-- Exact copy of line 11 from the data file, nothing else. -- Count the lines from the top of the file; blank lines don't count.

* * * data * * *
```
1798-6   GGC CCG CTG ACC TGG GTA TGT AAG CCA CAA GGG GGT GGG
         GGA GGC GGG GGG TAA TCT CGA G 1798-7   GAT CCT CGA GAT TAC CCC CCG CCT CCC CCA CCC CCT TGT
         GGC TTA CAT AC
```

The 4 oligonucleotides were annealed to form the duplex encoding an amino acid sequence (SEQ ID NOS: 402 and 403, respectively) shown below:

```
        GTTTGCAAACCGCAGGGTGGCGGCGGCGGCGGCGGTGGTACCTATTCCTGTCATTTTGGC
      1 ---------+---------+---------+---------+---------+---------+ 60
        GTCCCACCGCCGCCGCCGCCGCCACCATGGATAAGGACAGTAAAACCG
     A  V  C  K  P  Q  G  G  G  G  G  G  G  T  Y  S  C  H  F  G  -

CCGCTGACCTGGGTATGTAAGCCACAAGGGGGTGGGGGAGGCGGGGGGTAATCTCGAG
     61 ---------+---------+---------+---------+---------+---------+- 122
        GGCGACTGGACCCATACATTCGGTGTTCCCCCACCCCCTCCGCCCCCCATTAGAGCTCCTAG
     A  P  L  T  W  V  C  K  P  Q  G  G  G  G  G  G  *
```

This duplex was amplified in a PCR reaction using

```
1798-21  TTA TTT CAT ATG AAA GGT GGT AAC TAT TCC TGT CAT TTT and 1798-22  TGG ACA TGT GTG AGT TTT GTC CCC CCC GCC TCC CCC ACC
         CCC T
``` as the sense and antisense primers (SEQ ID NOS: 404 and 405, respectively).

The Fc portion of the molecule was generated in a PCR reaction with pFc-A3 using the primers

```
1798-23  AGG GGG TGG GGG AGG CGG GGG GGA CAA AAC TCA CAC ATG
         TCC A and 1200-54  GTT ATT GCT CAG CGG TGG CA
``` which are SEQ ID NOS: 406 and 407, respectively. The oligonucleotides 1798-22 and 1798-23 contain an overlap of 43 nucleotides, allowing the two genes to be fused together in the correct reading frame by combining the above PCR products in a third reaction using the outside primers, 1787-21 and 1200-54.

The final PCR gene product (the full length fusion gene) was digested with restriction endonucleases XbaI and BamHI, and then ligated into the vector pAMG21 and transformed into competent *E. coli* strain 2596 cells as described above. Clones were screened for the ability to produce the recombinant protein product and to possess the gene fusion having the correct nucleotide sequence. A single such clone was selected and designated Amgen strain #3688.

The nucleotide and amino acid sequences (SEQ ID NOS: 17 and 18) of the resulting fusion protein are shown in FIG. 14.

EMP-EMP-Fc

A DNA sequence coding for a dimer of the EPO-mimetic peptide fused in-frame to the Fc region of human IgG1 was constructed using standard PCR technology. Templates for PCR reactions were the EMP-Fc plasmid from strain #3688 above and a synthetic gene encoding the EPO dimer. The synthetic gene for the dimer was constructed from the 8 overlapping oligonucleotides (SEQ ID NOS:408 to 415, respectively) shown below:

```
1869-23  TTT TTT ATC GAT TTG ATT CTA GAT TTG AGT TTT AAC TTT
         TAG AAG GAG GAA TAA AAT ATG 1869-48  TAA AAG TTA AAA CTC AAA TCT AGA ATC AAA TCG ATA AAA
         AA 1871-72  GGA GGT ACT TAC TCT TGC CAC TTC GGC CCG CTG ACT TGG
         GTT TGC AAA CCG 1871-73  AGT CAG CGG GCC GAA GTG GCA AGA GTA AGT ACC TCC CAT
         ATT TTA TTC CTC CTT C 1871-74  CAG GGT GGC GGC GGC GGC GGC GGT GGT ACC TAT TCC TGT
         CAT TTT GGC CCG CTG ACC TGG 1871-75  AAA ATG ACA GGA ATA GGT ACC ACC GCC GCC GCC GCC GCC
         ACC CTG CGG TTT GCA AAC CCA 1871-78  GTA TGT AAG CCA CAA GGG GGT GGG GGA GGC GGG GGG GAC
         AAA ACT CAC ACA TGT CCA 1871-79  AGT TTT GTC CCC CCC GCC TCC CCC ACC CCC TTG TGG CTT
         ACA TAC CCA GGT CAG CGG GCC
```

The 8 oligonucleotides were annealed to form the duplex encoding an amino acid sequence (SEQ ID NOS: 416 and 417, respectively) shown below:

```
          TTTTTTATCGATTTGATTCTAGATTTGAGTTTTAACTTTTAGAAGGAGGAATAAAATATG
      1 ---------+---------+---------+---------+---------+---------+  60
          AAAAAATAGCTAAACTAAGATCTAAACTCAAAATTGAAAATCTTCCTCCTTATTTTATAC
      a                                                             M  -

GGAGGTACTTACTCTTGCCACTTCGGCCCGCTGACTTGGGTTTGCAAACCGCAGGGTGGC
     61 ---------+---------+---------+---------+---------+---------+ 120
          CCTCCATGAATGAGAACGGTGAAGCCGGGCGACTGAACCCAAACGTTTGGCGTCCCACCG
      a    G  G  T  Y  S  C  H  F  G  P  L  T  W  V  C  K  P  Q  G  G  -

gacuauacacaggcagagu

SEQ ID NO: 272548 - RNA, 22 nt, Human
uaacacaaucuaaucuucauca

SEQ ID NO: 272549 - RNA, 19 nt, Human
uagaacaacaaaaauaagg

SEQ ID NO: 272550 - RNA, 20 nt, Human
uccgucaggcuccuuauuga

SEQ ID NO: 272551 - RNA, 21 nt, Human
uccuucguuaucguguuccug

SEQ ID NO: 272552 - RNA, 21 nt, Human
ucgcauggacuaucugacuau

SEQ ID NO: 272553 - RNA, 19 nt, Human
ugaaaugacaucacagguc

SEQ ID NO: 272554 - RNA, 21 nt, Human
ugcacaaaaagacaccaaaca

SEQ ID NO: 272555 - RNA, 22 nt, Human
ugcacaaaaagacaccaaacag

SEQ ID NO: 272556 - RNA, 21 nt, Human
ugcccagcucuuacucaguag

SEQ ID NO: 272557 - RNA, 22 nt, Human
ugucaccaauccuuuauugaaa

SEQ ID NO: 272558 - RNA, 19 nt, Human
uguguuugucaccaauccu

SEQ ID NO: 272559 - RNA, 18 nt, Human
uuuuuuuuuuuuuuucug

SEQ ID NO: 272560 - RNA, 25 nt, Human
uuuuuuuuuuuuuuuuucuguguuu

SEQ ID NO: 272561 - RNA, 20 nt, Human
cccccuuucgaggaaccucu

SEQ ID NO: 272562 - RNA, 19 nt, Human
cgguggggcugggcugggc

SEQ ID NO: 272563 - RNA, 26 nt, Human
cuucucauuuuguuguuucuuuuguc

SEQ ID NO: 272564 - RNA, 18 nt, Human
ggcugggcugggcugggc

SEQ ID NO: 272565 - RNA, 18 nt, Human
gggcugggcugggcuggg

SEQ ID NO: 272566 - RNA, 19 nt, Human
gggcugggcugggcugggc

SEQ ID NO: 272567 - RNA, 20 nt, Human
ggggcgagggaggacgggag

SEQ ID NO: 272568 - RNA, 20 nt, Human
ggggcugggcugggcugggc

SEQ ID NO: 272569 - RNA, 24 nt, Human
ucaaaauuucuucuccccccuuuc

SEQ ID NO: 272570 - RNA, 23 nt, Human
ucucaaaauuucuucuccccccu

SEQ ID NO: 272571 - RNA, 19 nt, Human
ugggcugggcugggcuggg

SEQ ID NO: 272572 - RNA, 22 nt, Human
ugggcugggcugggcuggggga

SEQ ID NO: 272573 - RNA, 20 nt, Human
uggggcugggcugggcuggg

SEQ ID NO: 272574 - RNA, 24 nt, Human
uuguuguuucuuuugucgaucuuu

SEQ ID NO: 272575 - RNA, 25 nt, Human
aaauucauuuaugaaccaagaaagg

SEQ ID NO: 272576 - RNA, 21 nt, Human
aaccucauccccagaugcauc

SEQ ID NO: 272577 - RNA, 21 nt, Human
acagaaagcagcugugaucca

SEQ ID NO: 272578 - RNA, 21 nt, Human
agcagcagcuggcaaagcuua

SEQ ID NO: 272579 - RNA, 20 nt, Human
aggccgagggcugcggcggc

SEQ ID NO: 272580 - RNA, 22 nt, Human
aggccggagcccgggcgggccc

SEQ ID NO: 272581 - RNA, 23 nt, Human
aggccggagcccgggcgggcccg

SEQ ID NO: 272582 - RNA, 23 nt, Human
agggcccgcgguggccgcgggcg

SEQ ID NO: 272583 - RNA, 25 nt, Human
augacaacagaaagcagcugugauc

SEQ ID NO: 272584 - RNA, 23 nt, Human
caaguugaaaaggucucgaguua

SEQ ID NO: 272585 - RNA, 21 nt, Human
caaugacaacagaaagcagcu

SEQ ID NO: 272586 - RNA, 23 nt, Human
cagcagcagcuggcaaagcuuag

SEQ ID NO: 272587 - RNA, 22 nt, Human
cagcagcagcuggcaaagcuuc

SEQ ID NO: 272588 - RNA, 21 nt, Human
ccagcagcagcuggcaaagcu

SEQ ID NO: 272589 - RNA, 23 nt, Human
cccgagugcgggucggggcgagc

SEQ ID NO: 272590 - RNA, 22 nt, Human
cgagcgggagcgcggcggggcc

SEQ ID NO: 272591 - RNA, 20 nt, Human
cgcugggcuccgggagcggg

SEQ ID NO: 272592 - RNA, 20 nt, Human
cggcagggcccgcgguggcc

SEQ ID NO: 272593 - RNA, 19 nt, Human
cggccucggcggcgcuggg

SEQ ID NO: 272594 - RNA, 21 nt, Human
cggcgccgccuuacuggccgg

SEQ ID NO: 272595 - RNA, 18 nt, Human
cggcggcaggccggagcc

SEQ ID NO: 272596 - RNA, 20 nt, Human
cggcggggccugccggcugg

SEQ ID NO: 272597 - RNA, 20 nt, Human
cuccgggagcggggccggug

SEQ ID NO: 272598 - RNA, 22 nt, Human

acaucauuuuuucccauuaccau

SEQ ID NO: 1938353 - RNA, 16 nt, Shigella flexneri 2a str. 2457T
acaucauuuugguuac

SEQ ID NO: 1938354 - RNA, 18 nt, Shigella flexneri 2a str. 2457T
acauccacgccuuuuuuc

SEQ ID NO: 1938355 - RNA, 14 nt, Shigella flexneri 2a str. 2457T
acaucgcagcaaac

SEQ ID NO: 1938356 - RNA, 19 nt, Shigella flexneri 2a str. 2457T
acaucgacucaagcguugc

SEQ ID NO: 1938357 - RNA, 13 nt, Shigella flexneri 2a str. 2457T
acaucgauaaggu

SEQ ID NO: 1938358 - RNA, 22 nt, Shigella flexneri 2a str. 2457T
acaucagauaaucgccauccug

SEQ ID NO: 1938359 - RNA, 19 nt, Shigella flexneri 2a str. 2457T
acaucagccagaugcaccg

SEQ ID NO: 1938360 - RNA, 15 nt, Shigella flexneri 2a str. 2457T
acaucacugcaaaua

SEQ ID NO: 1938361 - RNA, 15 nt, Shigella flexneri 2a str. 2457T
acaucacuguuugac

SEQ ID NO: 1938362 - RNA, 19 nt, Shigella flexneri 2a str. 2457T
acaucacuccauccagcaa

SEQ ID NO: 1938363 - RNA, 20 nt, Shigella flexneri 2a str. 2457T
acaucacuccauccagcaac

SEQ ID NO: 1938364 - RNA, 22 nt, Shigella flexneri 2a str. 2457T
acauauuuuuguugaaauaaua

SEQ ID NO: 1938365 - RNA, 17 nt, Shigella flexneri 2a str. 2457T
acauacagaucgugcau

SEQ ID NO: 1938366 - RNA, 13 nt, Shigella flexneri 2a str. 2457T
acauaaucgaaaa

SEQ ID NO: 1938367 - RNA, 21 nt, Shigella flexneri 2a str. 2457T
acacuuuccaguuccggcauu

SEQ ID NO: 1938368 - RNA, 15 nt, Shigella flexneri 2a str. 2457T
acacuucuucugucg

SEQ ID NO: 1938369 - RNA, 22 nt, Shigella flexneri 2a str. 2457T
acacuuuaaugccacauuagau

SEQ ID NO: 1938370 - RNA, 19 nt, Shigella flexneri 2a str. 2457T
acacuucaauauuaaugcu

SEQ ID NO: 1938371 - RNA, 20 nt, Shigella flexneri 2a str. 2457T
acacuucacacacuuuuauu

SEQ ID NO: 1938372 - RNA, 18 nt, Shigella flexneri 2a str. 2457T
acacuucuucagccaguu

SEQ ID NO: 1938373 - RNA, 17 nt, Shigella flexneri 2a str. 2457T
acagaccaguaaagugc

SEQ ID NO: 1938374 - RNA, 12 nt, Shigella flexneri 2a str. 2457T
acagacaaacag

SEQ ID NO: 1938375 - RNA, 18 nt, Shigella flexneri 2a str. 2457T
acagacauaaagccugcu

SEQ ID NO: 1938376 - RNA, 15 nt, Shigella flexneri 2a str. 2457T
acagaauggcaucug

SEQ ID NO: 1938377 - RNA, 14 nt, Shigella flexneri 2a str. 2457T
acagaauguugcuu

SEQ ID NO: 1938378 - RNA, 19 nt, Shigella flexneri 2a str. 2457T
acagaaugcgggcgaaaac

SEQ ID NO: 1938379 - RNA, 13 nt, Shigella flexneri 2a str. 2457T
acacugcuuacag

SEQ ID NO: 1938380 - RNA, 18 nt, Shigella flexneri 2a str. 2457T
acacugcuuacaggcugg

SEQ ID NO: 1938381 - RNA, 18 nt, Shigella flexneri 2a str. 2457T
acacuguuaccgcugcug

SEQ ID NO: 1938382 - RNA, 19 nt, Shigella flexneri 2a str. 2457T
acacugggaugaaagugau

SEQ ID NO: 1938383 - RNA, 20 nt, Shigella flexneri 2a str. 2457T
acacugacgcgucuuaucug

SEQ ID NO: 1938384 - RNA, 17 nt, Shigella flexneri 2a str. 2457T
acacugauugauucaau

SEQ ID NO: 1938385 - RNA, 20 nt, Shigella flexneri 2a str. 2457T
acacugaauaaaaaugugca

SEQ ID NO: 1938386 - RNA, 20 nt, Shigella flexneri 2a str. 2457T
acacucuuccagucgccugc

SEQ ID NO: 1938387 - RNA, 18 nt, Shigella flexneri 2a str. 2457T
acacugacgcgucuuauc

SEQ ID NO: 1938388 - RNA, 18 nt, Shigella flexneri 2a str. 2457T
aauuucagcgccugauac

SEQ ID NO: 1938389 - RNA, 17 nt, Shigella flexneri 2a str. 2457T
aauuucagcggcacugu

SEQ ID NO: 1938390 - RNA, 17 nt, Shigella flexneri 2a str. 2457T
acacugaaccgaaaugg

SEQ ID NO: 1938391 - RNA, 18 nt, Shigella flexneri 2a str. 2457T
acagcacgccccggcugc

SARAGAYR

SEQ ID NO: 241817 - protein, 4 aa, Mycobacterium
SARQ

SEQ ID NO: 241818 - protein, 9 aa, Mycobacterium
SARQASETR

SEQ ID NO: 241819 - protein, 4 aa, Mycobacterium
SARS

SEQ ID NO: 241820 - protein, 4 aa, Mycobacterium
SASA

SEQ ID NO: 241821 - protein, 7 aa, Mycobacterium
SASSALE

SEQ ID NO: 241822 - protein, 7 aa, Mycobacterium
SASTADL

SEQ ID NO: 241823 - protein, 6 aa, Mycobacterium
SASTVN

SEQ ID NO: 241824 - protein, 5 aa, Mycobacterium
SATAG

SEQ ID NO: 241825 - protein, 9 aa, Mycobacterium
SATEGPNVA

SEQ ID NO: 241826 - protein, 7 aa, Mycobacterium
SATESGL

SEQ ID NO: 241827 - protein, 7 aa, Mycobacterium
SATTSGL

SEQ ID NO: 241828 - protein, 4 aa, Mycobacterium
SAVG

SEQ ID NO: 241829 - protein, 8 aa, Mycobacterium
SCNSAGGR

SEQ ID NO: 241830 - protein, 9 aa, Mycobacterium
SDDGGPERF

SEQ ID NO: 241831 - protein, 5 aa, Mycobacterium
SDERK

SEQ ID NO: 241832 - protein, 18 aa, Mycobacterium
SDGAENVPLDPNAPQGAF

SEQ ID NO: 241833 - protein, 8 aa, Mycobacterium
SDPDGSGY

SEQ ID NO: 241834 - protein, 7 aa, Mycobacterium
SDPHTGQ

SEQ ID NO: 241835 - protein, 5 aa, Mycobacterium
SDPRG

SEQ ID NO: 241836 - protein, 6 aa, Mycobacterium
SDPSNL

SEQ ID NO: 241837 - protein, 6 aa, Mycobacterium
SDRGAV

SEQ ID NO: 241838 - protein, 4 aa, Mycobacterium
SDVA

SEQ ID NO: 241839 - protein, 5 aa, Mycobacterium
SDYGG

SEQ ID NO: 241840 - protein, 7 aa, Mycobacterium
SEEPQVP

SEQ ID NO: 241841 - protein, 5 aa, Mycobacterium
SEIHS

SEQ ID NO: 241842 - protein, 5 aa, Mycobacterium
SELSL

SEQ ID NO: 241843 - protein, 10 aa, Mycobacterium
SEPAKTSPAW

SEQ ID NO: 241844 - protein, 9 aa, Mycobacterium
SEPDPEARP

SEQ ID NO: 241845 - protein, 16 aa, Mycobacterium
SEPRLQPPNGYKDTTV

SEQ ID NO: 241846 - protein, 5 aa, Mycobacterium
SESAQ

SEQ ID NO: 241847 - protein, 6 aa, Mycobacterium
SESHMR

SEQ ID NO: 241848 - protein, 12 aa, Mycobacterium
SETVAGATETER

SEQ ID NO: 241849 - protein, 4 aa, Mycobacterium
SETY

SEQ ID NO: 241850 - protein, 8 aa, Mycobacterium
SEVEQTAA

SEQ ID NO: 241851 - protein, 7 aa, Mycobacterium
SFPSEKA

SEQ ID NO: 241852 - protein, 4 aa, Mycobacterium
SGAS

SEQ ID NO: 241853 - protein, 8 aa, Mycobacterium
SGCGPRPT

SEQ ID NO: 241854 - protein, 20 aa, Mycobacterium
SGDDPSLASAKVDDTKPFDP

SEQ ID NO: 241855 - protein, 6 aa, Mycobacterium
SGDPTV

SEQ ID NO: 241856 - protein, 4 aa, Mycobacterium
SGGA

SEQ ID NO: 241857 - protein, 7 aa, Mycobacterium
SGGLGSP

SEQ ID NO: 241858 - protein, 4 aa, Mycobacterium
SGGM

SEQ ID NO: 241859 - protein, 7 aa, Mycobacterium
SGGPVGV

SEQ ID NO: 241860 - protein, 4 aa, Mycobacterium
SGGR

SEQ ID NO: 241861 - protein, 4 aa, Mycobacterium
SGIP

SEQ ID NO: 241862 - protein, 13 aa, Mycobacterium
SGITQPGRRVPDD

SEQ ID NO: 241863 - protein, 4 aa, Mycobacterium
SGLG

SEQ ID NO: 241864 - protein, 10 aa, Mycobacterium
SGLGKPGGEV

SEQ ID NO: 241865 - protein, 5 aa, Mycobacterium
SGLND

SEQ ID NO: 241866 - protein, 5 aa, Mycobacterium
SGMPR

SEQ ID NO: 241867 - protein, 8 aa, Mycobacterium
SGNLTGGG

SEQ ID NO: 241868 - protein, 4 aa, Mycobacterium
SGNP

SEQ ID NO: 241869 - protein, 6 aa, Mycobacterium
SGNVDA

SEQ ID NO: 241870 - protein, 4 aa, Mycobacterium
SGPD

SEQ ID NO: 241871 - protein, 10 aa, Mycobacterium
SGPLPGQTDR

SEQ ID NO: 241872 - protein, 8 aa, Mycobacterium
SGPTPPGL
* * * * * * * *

     A  V  C  K  P  Q  G  G  G  G  G  G  G  T  Y  S  C  H  F  G  -